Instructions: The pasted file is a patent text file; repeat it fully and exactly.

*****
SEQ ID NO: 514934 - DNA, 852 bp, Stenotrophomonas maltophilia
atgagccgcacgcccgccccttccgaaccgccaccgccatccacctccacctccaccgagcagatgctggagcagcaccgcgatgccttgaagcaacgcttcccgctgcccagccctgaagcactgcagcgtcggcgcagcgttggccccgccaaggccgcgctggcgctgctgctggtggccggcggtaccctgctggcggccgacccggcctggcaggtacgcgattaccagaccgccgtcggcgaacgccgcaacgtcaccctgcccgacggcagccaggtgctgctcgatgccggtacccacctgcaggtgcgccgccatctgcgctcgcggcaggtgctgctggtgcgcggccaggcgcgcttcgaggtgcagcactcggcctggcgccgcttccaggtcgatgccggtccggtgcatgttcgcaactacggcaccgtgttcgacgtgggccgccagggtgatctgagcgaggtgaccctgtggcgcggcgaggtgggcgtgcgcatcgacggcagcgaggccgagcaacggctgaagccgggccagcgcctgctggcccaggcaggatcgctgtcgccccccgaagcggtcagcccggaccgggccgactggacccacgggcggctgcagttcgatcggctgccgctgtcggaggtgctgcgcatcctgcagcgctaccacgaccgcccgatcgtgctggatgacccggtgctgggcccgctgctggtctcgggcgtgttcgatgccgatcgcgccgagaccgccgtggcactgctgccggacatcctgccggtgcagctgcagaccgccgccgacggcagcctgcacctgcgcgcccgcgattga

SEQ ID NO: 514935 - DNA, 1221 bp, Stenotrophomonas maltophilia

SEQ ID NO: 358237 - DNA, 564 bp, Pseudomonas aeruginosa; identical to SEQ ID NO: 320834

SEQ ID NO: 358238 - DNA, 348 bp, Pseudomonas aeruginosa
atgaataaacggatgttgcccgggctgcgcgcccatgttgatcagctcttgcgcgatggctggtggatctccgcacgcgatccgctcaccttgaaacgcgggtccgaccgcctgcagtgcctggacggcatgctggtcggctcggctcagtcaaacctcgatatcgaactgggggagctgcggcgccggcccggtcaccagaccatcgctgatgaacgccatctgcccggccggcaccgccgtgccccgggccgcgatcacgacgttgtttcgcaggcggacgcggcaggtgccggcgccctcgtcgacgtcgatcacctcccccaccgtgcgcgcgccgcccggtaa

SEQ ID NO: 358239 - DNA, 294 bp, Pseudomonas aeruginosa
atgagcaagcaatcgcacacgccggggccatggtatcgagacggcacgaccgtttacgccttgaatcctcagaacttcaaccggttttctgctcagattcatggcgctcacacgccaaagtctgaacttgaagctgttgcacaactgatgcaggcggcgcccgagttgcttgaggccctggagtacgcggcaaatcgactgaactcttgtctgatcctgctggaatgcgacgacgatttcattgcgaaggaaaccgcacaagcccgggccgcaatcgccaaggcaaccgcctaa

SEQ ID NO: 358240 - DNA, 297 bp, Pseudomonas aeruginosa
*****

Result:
SEQ ID NO: 514934 - DNA, 852 bp, Stenotrophomonas maltophilia
atgagccgcacgcccgccccttccgaaccgccaccgccatccacctccacctccaccgagcagatgctggagcagcaccgcgatgccttgaagcaacgcttcccgctgcccagccctgaagcactgcagcgtcggcgcagcgttggccccgccaaggccgcgctggcgctgctgctggtggccggcggtaccctgctggcggccgacccggcctggcaggtacgcgattaccagaccgccgtcggcgaacgccgcaacgtcaccctgcccgacggcagccaggtgctgctcgatgccggtacccacctgcaggtgcgccgccatctgcgctcgcggcaggtgctgctggtgcgcggccaggcgcgcttcgaggtgcagcactcggcctggcgccgcttccaggtcgatgccggtccggtgcatgttcgcaactacggcaccgtgttcgacgtgggccgccagggtgatctgagcgaggtgaccctgtggcgcggcgaggtgggcgtgcgcatcgacggcagcgaggccgagcaacggctgaagccgggccagcgcctgctggcccaggcaggatcgctgtcgccccccgaagcggtcagcccggaccgggccgactggacccacgggcggctgcagttcgatcggctgccgctgtcggaggtgctgcgcatcctgcagcgctaccacgaccgcccgatcgtgctggatgacccggtgctgggcccgctgctggtctcgggcgtgttcgatgccgatcgcgccgagaccgccgtggcactgctgccggacatcctgccggtgcagctgcagaccgccgccgacggcagcctgcacctgcgcgcccgcgattga

SEQ ID NO: 514935 - DNA, 1221 bp, Stenotrophomonas maltophilia

SEQ ID NO: 358237 - DNA, 564 bp, Pseudomonas aeruginosa; identical to SEQ ID NO: 320834

SEQ ID NO: 358238 - DNA, 348 bp, Pseudomonas aeruginosa
atgaataaacggatgttgcccgggctgcgcgcccatgttgatcagctcttgcgcgatggctggtggatctccgcacgcgatccgctcaccttgaaacgcgggtccgaccgcctgcagtgcctggacggcatgctggtcggctcggctcagtcaaacctcgatatcgaactgggggagctgcggcgccggcccggtcaccagaccatcgctgatgaacgccatctgcccggccggcaccgccgtgccccgggccgcgatcacgacgttgtttcgcaggcggacgcggcaggtgccggcgccctcgtcgacgtcgatcacctcccccaccgtgcgcgcgccgcccggtaa

SEQ ID NO: 358239 - DNA, 294 bp, Pseudomonas aeruginosa
atgagcaagcaatcgcacacgccggggccatggtatcgagacggcacgaccgtttacgccttgaatcctcagaacttcaaccggttttctgctcagattcatggcgctcacacgccaaagtctgaacttgaagctgttgcacaactgatgcaggcggcgcccgagttgcttgaggccctggagtacgcggcaaatcgactgaactcttgtctgatcctgctggaatgcgacgacgatttcattgcgaaggaaaccgcacaagcccgggccgcaatcgccaaggcaaccgcctaa

SEQ ID NO: 358240 - DNA, 297 bp, Pseudomonas aeruginosa